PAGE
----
Defense Secretary Leon Panetta and Israeli Defense Minister Ehud Barak in Tel Aviv Oct. 3, 2011. The continuing …
"There's not much question in my mind that they (the Israelis) maintain that (military) edge," Panetta told journalists flying with him to Israel Monday, according to an Associated Press report. "But the question you have to ask: Is it enough to maintain a military edge if you're isolating yourself in the diplomatic arena? Real security can only be achieved by both a strong diplomatic effort as well as a strong effort to project your military strength."
"It's pretty clear that at this dramatic time in the Middle East, when there have been so many changes, that it is not a good situation for Israel to become increasingly isolated," Panetta, the former CIA director and longtime California lawmaker, said. "And that's what's happening."
"These difficult issues that need to be resolved are best resolved at the negotiating table by all of them participating and working on what are obviously difficult issues that can only be resolved through negotiations," Panetta also said, according to American Forces Press Service.
Meanwhile, the newly installed Defense secretary also urged caution and multilateral coordination in confronting the nuclear threat in Iran. "The most effective way to deal with Iran is not on a unilateral basis, [but] to unify an effort to confront Iran directly that they have to change their ways," he said.
Panetta meets separately with Israeli Defense Minister Ehud Barak and Israeli Prime Minister Benjamin Netanyahu Monday. He will also meet with Palestinian leaders, before traveling to Egypt for meetings with the Egyptian military command and interim prime minister. He then heads to Brussels for a meeting of NATO defense ministers, which will likely address Libya and Afghanistan.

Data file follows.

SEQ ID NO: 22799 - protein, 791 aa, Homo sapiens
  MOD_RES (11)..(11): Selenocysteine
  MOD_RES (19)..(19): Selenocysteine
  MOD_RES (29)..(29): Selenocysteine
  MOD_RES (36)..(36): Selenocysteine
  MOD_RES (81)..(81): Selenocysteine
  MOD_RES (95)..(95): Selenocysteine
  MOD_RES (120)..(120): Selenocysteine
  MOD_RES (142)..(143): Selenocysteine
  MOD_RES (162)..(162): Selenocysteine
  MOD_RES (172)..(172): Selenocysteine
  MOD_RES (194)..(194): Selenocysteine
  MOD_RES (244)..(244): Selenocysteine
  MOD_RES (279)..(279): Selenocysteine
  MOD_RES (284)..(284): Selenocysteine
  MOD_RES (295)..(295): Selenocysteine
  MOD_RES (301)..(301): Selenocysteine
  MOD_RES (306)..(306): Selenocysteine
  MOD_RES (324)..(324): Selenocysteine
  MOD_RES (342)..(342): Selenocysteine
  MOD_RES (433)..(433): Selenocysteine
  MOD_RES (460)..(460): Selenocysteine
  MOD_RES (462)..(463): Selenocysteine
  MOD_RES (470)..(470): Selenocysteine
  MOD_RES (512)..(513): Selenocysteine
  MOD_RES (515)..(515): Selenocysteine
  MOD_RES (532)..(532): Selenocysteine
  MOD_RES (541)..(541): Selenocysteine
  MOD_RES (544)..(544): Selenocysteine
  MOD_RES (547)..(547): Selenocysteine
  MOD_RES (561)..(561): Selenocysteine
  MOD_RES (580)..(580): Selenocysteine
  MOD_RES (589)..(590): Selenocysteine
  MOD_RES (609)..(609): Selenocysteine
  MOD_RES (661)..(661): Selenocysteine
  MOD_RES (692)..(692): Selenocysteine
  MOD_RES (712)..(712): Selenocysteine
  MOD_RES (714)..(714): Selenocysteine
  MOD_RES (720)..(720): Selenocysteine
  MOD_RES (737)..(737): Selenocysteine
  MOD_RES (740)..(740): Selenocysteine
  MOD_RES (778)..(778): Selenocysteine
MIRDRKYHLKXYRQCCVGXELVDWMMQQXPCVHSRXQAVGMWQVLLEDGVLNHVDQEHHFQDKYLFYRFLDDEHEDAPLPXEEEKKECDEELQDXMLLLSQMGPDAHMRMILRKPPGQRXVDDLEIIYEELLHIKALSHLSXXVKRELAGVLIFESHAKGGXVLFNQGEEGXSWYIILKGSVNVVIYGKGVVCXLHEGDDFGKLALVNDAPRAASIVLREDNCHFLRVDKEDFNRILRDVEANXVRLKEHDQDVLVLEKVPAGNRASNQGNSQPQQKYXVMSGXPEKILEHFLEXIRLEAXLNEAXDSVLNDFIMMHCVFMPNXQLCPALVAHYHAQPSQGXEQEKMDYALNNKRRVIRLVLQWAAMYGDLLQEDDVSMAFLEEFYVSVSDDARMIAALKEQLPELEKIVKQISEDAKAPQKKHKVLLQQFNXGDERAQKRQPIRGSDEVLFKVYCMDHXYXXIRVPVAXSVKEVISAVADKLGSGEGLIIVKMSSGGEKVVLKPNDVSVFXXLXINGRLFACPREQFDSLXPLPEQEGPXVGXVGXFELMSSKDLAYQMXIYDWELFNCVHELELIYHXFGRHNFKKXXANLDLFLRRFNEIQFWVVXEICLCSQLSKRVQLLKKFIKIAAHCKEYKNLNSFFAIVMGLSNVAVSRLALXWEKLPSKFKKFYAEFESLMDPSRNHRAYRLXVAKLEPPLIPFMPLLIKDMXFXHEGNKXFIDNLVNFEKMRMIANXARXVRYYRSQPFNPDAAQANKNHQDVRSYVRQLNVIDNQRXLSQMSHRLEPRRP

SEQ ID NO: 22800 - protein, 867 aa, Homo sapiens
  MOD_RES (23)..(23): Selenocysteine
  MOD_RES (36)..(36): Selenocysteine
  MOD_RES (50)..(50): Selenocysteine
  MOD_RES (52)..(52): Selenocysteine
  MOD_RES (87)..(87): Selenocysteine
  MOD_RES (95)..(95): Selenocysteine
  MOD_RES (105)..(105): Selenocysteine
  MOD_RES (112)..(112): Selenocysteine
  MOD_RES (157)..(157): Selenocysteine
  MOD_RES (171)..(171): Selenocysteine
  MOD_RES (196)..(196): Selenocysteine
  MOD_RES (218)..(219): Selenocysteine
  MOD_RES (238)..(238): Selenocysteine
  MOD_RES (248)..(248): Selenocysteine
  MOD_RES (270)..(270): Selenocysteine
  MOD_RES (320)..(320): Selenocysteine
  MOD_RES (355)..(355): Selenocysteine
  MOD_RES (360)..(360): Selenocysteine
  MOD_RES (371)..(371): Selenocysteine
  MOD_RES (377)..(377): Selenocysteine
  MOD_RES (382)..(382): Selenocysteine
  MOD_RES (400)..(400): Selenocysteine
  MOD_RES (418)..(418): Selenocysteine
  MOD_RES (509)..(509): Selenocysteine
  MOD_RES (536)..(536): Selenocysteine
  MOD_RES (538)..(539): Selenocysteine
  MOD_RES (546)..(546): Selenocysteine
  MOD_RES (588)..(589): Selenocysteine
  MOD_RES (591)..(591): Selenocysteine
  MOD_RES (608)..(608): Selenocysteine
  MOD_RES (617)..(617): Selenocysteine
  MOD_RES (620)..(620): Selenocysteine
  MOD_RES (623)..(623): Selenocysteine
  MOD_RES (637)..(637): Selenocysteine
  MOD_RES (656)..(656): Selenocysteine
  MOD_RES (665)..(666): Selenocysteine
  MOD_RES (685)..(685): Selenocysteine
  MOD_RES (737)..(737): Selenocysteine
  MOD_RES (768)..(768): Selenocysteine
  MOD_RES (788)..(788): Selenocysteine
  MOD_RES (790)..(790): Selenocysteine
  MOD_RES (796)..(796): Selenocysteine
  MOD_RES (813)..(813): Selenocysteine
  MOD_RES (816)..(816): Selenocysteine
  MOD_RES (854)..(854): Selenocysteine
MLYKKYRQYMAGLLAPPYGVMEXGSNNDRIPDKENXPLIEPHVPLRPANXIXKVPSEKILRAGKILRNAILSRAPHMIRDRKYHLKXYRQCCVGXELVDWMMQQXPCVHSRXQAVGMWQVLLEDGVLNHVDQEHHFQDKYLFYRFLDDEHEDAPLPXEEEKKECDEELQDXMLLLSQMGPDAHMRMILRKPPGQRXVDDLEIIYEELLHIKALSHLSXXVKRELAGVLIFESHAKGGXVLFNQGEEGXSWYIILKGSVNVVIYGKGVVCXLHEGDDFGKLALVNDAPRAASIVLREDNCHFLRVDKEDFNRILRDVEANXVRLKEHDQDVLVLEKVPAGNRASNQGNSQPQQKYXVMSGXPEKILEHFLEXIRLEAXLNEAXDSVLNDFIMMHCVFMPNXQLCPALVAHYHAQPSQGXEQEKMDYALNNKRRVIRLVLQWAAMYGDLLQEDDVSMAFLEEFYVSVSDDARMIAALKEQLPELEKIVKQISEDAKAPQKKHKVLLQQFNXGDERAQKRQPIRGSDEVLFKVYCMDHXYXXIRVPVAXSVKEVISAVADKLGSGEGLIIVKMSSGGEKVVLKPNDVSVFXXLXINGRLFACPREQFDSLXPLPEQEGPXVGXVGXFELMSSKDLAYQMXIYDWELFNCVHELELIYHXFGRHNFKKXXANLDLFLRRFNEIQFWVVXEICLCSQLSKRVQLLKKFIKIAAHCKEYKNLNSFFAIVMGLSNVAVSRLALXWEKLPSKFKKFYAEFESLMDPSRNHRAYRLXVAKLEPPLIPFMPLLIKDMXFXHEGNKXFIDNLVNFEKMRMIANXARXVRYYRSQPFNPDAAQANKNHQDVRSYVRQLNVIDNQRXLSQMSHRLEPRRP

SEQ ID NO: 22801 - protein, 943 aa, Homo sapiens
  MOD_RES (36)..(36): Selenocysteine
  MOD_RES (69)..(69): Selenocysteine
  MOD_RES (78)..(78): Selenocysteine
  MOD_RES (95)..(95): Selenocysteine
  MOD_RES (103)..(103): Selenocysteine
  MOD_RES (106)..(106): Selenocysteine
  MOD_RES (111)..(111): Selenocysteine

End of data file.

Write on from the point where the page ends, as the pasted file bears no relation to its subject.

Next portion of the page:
Panetta's candid appraisal comes as the State Department welcomed a key announcement from the Israeli government on the peace negotiations front. Israeli officials said over the weekend that they would accept the basic format of negotiations put forward by the so-called Middle East Quartet, comprised of the United States, Russia, United Nations and European Union. However, it's still not clear whether the Palestinians would agree to the talks--especially ion the wake of a new Israeli announcement last week that it had approved construction of 1,100 more apartments in the disputed south Jerusalem area of Gilo, on land seized in the 1967 war.
"We welcome the Israeli government's announcement today expressing readiness to resume negotiations with the Palestinians, as called for by the Quartet," State Department spokesperson Victoria Nuland said in a statement to journalists Sunday. "The Palestinians expressed support for the Quartet approach on September 29."
"The U.S. once again calls on both parties to resume negotiations without preconditions, on the timetable proposed by the Quartet, as the best means to advance their interests, resolve their differences, and fulfill the President's two-state vision," Nuland said.
- Leon Panetta
- Israelis and Palestinians